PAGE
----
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Corporate Responsibility: Three Things It Isn’t
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Corporate Responsibility: Three Things It Isn’t - Executive Leadership Articles

Corporate Responsibility: Three Things It Isn’t

Executive Leadership Articles

Corporate Responsibility: Three Things It Isn’t

CSR is Creeping into Ubiquity

It doesn’t take a lot of searching nowadays to find great stories of successful companies who have embraced their corporate social responsibility (CSR) to the benefit of their customers, employees, communities, environments, and shareholders. B Corporations certified by the B Lab organization (“the B stands for beneficial”) hold themselves to high standards of transparency, social consciousness, environmental stewardship, and employee well-being, among other values. As they thrive in their realms, the world pays attention to their diligence at the “triple bottom line,” and expectations are raised for other businesses in their fields.

Yet CSR is a big, dynamic concept with about as many different looks as there are B Corporations. One company’s emphasis on clean drinking water for the neighborhood may be completely inapplicable to another, whose big initiative might be free, high-quality, on-site childcare for employees. Companies striving to be sensitive to the needs of their stakeholders may find new, uncharted ways of expressing social responsibility. They (and we, as their competitors, clientele, and critics) would be well advised to keep in mind a few things that CSR is NOT.

CSR is not charity; it is practiced for the best interest of all stakeholders, including the company’s own viability.

Andrew W. Savitz and Karl Weber remind us in their updated edition of The Triple Bottom Line: How Today’s Best-Run Companies are Achieving Economic, Social, and Environmental Success—and How You Can Too (Jossey-Bass, 2014) that a company’s goal is its own success. When that success is defined beyond mere financial profitability, it serves all three parts of the triple bottom line: people, profit, and the planet. Charity has its place, but it is about giving something up for the well-being of someone in need. CSR is about working in service to all stakeholders so that everyone benefits. In other words, when CSR works, companies practice it because it’s good for them.

CSR is not a merit/demerit system; it is an established culture and system in the company’s makeup.

An article in Time* summarizes the research of Elaine Wong of the UC-Riverside School of Business Administration and Margaret Ormiston of the London Business School, which reveals that firms that are focused on pursuing a socially responsible agenda are more likely than other businesses to behave in a socially IRRESPONSIBLE ways later. And companies whose bosses are inclined to talk about their CSR are even more likely to engage in socially irresponsible corporate behavior. Gary Belsky, who wrote the Time article, offers the grand, socially conscious gestures of companies like Enron and British Petroleum before greater irresponsibility led to enormous, far-reaching crises. Wong and Ormistron say that for every five acts of corporate responsibility, we can predict one act of corporate irresponsibility. Whether we’re looking at companies resting on laurels or accepting some kind of social permission to look the other way on some things because of their good acts on other things, no well-meaning company can find that five-to-one ratio acceptable. Rather, it should maintain CSR as a top priority and remain vigilant against complacency or self-satisfaction.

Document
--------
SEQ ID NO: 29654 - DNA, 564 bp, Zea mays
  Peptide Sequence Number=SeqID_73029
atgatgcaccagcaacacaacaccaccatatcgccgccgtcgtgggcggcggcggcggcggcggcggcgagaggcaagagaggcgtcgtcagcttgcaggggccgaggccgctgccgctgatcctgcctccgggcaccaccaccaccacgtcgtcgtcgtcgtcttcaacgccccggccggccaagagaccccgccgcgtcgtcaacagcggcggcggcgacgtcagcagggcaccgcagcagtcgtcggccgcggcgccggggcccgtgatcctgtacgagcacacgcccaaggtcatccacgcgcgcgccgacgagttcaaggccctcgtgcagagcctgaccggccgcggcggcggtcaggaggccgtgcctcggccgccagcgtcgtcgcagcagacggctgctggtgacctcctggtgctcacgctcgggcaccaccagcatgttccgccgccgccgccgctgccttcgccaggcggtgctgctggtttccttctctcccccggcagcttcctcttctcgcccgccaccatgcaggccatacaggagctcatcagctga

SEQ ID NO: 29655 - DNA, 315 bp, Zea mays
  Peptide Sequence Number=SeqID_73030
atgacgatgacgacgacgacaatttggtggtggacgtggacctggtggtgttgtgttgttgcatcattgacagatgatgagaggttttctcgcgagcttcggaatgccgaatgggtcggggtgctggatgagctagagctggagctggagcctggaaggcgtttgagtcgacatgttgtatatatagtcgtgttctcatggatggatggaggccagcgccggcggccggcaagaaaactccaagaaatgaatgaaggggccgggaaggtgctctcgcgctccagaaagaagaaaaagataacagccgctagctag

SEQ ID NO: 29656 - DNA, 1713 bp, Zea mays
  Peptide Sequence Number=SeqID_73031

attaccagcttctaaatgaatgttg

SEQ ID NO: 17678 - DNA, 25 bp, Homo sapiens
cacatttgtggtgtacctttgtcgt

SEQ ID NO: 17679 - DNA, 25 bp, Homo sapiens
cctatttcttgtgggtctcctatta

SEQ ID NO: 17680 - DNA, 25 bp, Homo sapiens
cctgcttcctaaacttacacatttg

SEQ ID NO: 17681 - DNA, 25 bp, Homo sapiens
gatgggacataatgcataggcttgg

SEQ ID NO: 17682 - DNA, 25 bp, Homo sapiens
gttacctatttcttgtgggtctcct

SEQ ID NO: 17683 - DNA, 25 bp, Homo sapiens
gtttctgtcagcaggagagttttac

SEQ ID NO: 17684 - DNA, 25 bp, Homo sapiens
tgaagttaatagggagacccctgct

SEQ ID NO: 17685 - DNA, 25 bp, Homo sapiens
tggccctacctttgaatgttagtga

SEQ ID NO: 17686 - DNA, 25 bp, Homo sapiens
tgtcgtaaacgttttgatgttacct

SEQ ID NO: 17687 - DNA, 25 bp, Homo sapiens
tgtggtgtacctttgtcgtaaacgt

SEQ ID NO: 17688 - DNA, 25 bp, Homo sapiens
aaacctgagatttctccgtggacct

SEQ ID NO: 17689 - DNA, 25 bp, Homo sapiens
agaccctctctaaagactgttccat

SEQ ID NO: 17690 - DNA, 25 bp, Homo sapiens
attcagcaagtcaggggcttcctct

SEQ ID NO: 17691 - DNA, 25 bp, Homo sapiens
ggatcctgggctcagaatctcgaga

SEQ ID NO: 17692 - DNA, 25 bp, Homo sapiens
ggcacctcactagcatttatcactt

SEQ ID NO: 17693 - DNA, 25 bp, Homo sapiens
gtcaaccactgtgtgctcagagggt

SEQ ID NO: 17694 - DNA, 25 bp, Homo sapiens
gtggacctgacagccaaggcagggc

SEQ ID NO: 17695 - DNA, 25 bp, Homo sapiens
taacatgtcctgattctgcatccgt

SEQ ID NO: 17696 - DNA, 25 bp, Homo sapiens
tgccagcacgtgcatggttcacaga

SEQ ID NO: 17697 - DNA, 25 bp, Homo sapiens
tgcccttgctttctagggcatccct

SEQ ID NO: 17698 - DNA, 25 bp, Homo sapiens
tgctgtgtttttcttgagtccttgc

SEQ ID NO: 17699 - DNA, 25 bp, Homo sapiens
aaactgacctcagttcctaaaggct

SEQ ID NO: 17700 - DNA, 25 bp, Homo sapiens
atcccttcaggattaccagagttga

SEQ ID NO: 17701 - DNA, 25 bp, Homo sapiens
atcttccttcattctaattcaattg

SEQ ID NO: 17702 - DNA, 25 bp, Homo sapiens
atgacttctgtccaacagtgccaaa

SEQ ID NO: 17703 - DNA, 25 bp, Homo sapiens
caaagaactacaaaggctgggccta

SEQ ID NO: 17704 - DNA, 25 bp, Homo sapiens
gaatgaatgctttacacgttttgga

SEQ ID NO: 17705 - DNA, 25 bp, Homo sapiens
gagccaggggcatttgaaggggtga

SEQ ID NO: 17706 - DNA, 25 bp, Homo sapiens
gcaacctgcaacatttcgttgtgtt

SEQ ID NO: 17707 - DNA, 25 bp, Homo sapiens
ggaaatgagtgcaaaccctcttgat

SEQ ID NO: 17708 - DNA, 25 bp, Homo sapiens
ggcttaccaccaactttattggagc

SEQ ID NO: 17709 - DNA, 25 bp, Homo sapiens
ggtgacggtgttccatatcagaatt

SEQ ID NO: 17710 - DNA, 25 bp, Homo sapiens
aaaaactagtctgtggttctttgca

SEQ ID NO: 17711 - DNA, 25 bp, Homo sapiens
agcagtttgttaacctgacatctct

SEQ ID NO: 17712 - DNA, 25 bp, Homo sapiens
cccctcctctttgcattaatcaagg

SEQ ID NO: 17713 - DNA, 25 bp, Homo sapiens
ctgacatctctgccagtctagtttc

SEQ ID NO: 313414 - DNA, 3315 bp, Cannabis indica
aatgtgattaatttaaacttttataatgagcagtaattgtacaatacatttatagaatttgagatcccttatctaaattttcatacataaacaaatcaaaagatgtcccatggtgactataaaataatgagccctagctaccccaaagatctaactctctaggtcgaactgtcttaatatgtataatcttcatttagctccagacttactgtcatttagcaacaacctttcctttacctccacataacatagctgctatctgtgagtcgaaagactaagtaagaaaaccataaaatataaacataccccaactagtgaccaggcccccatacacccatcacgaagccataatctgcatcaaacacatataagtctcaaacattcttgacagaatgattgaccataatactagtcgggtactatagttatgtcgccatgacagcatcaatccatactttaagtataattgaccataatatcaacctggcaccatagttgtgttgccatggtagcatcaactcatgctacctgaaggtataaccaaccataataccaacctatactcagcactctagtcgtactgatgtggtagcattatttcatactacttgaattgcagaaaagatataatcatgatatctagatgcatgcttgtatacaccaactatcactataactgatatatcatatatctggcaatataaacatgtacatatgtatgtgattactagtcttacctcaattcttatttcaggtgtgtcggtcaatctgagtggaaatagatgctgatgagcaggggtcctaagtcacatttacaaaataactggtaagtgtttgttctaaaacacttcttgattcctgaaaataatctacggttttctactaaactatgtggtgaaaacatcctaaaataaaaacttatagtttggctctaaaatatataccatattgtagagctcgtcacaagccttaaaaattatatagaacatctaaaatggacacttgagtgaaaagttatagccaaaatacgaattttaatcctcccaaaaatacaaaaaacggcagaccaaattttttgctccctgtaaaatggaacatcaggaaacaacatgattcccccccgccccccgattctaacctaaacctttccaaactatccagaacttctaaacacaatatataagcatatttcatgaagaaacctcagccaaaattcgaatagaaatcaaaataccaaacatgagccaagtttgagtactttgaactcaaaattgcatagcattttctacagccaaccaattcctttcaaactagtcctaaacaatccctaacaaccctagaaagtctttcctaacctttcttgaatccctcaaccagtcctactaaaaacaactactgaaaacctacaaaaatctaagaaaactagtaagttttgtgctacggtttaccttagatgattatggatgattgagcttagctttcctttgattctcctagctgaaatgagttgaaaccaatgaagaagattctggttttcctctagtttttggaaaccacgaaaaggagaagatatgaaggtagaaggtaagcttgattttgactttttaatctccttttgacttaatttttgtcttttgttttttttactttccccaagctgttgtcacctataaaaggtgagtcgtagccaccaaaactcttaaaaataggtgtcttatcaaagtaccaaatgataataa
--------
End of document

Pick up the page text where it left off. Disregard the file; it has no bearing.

CSR is not something the big boys do; it is something companies of all sizes should strive for.

The big companies get the big media attention, and they are more likely to practice CSR on a grand scale with enormous reach. This does not mean that smaller companies are absolved of CSR in whatever way they might pursue it. Most (if not all) of the motivations for big corporations to pay attention to social and environmental concerns apply as well to smaller companies: employee well-being leads to improved morale in a company of any size, for example. Yet there are some motivations that apply even more directly to smaller companies, such as improved relationships with communities. A Forbes article by N. Craig Smith** reminds us that small companies are likely to be managed by their owners, who are also likely to be founders. When a smaller company practices social responsibility, there can be greater investment by company leadership, since the committed manager will be more likely to get owner and founder on board, which is to say that the manager committed to CSR faces less pushback from other company executives. Smith adds that for smaller companies, healthy personal internal relationships and external relationships can make all the difference in a company’s success.

As your company searches for its own identity, keep in mind that the possibilities are endless, that a company of any size can reach out to all stakeholders, and that every good act is not a karma point to be saved toward some future misdeed, but it is a springboard toward the next good act, which offers more possibilities for future good acts.


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Corporate Responsibility: Three Things It Isn’t - Executive Leadership Articles

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